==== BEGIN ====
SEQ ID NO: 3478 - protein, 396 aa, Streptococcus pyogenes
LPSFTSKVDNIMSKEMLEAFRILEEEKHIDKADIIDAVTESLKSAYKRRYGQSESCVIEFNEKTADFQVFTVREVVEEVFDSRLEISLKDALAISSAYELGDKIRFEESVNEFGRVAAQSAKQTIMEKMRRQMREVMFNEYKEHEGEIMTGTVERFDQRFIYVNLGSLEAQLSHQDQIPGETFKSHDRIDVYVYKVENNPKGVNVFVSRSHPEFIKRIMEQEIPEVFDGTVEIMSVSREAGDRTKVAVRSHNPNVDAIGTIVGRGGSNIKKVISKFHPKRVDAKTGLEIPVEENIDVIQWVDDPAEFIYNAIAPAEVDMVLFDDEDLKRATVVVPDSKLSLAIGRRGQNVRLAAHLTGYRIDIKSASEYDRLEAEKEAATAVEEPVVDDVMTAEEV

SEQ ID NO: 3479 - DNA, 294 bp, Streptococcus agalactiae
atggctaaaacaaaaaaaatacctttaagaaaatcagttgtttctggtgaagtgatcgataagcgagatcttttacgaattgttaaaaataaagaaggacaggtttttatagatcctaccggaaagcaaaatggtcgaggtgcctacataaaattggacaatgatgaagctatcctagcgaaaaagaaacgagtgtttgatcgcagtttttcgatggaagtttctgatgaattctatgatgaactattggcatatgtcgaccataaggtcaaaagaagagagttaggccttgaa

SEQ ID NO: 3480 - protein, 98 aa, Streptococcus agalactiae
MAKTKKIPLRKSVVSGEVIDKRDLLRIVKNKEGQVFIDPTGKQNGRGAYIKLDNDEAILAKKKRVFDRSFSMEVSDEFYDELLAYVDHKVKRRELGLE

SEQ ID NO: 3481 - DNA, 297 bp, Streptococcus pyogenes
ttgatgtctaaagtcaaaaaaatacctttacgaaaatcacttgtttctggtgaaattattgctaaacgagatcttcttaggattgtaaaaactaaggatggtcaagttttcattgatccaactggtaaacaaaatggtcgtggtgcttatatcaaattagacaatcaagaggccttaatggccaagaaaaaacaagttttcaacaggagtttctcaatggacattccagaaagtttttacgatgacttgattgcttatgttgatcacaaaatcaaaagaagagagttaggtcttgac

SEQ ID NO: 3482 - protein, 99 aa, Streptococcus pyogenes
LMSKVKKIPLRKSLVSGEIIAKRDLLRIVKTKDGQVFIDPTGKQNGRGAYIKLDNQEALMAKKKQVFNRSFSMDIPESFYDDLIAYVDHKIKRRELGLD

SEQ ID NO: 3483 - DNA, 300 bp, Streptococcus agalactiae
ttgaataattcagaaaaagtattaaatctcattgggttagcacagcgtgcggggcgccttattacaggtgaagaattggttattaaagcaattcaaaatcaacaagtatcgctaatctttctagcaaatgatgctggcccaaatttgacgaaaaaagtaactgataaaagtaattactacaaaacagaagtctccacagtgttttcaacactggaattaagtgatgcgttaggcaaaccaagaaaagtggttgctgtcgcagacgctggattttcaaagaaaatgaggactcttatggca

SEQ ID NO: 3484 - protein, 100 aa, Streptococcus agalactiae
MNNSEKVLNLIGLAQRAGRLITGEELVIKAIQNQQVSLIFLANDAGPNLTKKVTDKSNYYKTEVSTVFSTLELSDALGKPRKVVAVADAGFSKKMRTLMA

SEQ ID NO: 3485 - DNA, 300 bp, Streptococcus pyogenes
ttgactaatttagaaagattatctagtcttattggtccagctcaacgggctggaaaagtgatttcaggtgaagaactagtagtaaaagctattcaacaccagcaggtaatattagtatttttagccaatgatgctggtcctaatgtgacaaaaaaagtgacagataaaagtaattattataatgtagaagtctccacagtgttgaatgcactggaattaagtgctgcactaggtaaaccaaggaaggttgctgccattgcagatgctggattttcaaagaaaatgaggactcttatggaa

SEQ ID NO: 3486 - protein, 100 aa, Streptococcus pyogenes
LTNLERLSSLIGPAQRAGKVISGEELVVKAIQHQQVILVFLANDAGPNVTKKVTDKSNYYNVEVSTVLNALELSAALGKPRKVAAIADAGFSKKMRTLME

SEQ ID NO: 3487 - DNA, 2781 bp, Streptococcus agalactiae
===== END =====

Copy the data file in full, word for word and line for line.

SEQ ID NO: 3478 - protein, 396 aa, Streptococcus pyogenes
LPSFTSKVDNIMSKEMLEAFRILEEEKHIDKADIIDAVTESLKSAYKRRYGQSESCVIEFNEKTADFQVFTVREVVEEVFDSRLEISLKDALAISSAYELGDKIRFEESVNEFGRVAAQSAKQTIMEKMRRQMREVMFNEYKEHEGEIMTGTVERFDQRFIYVNLGSLEAQLSHQDQIPGETFKSHDRIDVYVYKVENNPKGVNVFVSRSHPEFIKRIMEQEIPEVFDGTVEIMSVSREAGDRTKVAVRSHNPNVDAIGTIVGRGGSNIKKVISKFHPKRVDAKTGLEIPVEENIDVIQWVDDPAEFIYNAIAPAEVDMVLFDDEDLKRATVVVPDSKLSLAIGRRGQNVRLAAHLTGYRIDIKSASEYDRLEAEKEAATAVEEPVVDDVMTAEEV

SEQ ID NO: 3479 - DNA, 294 bp, Streptococcus agalactiae
atggctaaaacaaaaaaaatacctttaagaaaatcagttgtttctggtgaagtgatcgataagcgagatcttttacgaattgttaaaaataaagaaggacaggtttttatagatcctaccggaaagcaaaatggtcgaggtgcctacataaaattggacaatgatgaagctatcctagcgaaaaagaaacgagtgtttgatcgcagtttttcgatggaagtttctgatgaattctatgatgaactattggcatatgtcgaccataaggtcaaaagaagagagttaggccttgaa

SEQ ID NO: 3480 - protein, 98 aa, Streptococcus agalactiae
MAKTKKIPLRKSVVSGEVIDKRDLLRIVKNKEGQVFIDPTGKQNGRGAYIKLDNDEAILAKKKRVFDRSFSMEVSDEFYDELLAYVDHKVKRRELGLE

SEQ ID NO: 3481 - DNA, 297 bp, Streptococcus pyogenes
ttgatgtctaaagtcaaaaaaatacctttacgaaaatcacttgtttctggtgaaattattgctaaacgagatcttcttaggattgtaaaaactaaggatggtcaagttttcattgatccaactggtaaacaaaatggtcgtggtgcttatatcaaattagacaatcaagaggccttaatggccaagaaaaaacaagttttcaacaggagtttctcaatggacattccagaaagtttttacgatgacttgattgcttatgttgatcacaaaatcaaaagaagagagttaggtcttgac

SEQ ID NO: 3482 - protein, 99 aa, Streptococcus pyogenes
LMSKVKKIPLRKSLVSGEIIAKRDLLRIVKTKDGQVFIDPTGKQNGRGAYIKLDNQEALMAKKKQVFNRSFSMDIPESFYDDLIAYVDHKIKRRELGLD

SEQ ID NO: 3483 - DNA, 300 bp, Streptococcus agalactiae
ttgaataattcagaaaaagtattaaatctcattgggttagcacagcgtgcggggcgccttattacaggtgaagaattggttattaaagcaattcaaaatcaacaagtatcgctaatctttctagcaaatgatgctggcccaaatttgacgaaaaaagtaactgataaaagtaattactacaaaacagaagtctccacagtgttttcaacactggaattaagtgatgcgttaggcaaaccaagaaaagtggttgctgtcgcagacgctggattttcaaagaaaatgaggactcttatggca

SEQ ID NO: 3484 - protein, 100 aa, Streptococcus agalactiae
MNNSEKVLNLIGLAQRAGRLITGEELVIKAIQNQQVSLIFLANDAGPNLTKKVTDKSNYYKTEVSTVFSTLELSDALGKPRKVVAVADAGFSKKMRTLMA

SEQ ID NO: 3485 - DNA, 300 bp, Streptococcus pyogenes
ttgactaatttagaaagattatctagtcttattggtccagctcaacgggctggaaaagtgatttcaggtgaagaactagtagtaaaagctattcaacaccagcaggtaatattagtatttttagccaatgatgctggtcctaatgtgacaaaaaaagtgacagataaaagtaattattataatgtagaagtctccacagtgttgaatgcactggaattaagtgctgcactaggtaaaccaaggaaggttgctgccattgcagatgctggattttcaaagaaaatgaggactcttatggaa

SEQ ID NO: 3486 - protein, 100 aa, Streptococcus pyogenes
LTNLERLSSLIGPAQRAGKVISGEELVVKAIQHQQVILVFLANDAGPNVTKKVTDKSNYYNVEVSTVLNALELSAALGKPRKVAAIADAGFSKKMRTLME

SEQ ID NO: 3487 - DNA, 2781 bp, Streptococcus agalactiae